Claims have been sprouting up within the weight-loss industry of acai berries as a weight-loss superfood. Although acai berries provide valuable health benefits, they may not be effective in the quest to lose weight.
What Are Acai Berries?
Acai berries come from acai palm trees (Euterpe oleracea) in the Amazon river basin in South America. The berry, related to the blueberry and cranberry, is an inch in diameter with a deep red pigmentation. Acai berries taste similar to other wild berries with a hint of chocolate.
Acai Berry and Weight Loss
While a fat-fighting superfood in the form of a tasty berry would be nice, claims of weight loss associated with the acai berry are unsubstantiated. Research on the effects of acai berry on weight loss is limited, says Mayo Clinic nutritionist Katherine Zeratsky, and so far no connection has been proven. Some companies claim that the fiber and healthy fats in acai berries help metabolize fat and satiate your appetite. While fiber and healthy fats do contribute to weight loss in this way, claims Kathleen M. Zelman, director of nutrition for WebMD, the acai berry is so small that you would have to eat large quantities full of extra calories to reap the benefits.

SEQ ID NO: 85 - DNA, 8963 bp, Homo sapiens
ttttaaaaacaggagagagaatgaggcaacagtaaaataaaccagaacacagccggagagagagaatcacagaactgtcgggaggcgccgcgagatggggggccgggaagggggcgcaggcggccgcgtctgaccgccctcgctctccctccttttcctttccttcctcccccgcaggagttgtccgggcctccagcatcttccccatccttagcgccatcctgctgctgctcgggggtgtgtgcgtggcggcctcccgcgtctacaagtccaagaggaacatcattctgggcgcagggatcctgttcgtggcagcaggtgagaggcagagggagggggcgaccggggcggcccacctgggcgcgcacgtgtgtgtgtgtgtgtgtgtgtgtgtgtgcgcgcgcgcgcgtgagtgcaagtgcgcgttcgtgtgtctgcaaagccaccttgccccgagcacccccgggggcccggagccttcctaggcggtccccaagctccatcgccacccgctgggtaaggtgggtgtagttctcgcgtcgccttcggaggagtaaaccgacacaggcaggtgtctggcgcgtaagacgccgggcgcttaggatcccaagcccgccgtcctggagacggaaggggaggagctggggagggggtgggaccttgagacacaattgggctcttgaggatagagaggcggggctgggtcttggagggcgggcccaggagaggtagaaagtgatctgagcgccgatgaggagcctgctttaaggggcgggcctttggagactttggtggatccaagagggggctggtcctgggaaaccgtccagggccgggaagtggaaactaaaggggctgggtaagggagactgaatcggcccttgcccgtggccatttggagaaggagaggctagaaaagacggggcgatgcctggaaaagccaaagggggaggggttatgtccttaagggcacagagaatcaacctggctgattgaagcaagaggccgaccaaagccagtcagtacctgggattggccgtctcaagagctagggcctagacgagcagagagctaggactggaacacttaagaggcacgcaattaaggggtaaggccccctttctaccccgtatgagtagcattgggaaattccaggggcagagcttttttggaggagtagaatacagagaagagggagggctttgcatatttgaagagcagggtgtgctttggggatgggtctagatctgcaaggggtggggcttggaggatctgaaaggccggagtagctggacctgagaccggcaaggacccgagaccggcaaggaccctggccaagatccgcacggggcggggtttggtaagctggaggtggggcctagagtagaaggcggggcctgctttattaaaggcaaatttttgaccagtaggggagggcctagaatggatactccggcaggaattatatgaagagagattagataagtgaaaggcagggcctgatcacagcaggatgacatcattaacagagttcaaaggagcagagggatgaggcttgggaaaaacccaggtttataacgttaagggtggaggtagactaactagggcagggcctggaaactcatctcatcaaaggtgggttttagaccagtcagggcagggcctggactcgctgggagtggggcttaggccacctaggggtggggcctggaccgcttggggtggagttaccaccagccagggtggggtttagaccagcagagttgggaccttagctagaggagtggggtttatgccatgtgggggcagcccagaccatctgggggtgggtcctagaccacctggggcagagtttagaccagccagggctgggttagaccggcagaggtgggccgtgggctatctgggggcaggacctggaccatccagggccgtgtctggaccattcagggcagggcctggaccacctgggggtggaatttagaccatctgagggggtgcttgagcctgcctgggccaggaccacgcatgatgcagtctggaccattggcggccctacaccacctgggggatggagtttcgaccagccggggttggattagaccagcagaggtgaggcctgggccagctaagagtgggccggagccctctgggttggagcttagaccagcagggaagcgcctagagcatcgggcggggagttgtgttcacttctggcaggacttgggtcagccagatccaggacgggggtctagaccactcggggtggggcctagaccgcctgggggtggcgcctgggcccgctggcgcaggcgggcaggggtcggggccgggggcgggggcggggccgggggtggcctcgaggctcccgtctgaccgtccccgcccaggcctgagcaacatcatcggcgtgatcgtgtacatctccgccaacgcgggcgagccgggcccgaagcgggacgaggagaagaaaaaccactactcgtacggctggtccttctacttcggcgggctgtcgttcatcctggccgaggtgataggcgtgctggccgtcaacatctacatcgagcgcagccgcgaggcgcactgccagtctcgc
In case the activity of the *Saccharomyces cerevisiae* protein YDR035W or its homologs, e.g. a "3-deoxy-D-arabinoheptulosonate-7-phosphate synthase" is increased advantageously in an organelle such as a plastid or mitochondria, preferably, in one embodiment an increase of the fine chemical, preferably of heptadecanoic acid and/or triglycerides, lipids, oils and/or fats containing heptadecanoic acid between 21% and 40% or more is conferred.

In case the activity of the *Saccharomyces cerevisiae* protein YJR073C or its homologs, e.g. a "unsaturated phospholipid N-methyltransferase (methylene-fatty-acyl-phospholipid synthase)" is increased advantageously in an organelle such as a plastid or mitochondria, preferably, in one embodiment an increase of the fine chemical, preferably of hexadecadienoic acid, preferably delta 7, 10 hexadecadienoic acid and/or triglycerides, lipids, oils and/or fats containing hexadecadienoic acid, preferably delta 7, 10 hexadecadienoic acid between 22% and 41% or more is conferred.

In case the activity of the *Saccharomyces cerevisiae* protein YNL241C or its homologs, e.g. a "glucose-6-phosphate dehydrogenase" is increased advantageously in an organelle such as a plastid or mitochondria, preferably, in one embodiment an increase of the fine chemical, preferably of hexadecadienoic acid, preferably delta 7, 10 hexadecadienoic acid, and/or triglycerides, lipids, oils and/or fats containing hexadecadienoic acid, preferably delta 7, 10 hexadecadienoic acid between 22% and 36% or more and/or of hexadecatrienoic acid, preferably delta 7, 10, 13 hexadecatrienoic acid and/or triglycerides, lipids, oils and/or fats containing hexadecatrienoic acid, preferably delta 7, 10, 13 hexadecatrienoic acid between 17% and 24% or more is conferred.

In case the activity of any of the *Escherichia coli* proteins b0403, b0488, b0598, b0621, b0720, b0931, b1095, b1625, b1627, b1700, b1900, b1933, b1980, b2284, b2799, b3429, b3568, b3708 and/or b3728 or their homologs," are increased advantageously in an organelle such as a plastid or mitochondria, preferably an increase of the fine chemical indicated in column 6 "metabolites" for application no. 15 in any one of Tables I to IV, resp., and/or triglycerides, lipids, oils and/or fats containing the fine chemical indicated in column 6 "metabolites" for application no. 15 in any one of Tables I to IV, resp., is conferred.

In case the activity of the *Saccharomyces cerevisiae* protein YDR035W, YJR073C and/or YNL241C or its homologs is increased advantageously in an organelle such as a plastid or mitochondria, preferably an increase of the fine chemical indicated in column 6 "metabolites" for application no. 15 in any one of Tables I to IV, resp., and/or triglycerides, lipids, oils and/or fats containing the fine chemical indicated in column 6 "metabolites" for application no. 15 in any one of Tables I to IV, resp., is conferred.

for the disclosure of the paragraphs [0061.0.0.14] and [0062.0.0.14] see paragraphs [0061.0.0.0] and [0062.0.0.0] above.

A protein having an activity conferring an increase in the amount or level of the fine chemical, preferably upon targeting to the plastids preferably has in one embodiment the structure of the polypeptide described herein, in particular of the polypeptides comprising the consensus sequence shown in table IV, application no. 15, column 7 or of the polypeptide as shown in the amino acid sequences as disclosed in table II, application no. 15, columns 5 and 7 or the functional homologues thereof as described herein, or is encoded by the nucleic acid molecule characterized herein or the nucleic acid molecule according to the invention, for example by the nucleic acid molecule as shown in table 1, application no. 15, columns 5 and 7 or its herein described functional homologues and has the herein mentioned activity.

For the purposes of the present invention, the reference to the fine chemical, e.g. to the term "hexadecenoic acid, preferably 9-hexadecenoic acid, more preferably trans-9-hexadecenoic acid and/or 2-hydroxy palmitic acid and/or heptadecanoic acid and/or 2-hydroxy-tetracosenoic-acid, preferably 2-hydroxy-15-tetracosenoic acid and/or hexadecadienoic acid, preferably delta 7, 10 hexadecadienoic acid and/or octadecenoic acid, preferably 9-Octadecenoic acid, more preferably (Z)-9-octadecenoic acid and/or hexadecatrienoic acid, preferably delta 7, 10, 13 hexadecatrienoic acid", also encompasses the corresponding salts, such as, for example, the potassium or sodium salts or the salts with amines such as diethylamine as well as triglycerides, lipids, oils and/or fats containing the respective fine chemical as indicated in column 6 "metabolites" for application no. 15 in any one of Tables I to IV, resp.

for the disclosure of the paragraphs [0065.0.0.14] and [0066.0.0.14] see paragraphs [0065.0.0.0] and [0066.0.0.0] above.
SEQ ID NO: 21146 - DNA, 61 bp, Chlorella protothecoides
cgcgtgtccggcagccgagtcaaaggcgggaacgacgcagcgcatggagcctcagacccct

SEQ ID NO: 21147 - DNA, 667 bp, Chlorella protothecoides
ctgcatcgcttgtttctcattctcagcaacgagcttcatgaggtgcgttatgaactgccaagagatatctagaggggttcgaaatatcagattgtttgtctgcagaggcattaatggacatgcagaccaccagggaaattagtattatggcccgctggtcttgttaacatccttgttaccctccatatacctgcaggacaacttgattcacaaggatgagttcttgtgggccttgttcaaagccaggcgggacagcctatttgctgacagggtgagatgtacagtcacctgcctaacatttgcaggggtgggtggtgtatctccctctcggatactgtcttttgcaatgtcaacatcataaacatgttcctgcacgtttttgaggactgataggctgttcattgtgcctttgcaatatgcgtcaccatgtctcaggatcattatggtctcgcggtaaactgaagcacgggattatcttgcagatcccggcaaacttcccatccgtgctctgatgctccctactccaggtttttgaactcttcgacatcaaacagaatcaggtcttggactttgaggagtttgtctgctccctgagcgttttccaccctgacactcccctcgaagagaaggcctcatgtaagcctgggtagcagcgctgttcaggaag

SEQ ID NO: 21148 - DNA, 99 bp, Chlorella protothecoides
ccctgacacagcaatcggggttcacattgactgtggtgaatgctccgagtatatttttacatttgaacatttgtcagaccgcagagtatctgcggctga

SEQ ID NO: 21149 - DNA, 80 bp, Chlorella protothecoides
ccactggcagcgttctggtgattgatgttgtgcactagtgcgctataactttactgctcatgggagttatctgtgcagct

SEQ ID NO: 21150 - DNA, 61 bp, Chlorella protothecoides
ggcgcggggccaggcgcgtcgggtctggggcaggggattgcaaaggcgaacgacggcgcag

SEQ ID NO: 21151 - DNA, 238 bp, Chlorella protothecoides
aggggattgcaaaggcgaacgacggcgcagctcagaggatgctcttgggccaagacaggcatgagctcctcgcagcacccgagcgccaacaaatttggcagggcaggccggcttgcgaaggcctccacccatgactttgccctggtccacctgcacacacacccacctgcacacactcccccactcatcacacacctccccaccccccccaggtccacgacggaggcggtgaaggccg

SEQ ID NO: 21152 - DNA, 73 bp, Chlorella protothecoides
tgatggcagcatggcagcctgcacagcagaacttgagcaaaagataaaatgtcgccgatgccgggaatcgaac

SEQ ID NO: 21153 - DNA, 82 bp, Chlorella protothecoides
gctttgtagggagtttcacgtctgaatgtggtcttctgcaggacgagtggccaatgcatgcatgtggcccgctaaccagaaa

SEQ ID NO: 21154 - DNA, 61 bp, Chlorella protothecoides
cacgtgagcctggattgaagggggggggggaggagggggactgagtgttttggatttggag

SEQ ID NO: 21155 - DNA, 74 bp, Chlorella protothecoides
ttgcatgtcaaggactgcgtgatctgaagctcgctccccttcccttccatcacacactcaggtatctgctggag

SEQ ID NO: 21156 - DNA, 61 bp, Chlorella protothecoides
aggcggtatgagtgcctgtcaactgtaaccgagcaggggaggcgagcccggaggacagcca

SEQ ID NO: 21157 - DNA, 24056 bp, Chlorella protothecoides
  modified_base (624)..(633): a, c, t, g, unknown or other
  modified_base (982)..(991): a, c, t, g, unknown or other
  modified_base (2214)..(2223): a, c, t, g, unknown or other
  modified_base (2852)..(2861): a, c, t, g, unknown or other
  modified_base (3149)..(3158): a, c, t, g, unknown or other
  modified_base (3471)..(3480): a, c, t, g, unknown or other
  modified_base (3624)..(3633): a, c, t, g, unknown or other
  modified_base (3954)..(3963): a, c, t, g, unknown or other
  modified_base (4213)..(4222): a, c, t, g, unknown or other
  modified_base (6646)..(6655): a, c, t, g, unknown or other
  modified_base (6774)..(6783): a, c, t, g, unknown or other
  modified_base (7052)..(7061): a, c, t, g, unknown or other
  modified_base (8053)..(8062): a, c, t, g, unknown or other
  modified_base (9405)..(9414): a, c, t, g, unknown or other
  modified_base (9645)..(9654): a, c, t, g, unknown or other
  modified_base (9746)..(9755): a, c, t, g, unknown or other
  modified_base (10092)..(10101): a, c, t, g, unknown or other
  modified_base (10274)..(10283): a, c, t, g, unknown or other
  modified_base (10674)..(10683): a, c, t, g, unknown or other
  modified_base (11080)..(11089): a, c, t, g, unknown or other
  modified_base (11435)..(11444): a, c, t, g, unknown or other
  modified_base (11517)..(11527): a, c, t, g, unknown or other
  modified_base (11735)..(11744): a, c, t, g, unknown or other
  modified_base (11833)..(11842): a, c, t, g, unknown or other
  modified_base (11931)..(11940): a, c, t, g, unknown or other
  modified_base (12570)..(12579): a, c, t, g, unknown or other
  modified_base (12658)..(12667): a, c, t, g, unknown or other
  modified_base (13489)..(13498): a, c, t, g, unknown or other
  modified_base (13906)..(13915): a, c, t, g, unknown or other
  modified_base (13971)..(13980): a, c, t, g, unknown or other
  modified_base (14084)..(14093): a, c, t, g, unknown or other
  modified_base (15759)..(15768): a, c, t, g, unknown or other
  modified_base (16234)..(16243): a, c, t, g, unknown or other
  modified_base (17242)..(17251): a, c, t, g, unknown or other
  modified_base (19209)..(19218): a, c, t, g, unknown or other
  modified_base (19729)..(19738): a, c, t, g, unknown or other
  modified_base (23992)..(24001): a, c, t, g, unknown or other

Other Health Benefits
Acai berries contain antioxidants, such as anthocyanin, that help protect cells against harmful byproducts called free radicals. Antioxidants like those found in the acai berry may help fight against heart disease and cancer, Zelman says. The berries are also a source of dietary fiber and heart-healthy monounsaturated fats, though in small amounts.
Acai Berry Preparations
Acai berries are sold at many health and gourmet stores in the form of juice, frozen pulp, capsules and powders. Commercially available acai berry products are expensive due to the difficulty of transport and small size of the berry. Drinks and powders often contain additional sugar and other additives with only a small amount of acai extract.
If you plan to purchase acai berry products, avoid online free trails. A warning by the Center for Science in the Public Interest, a nutrition consumer advocate, reported in April 2009 that many credit cards were being charged without consent after the termination of the free trial period. According to the office of the attorney general in Connecticut, the free trials can be difficult to cancel, and credit card charges range from $60 to $90.
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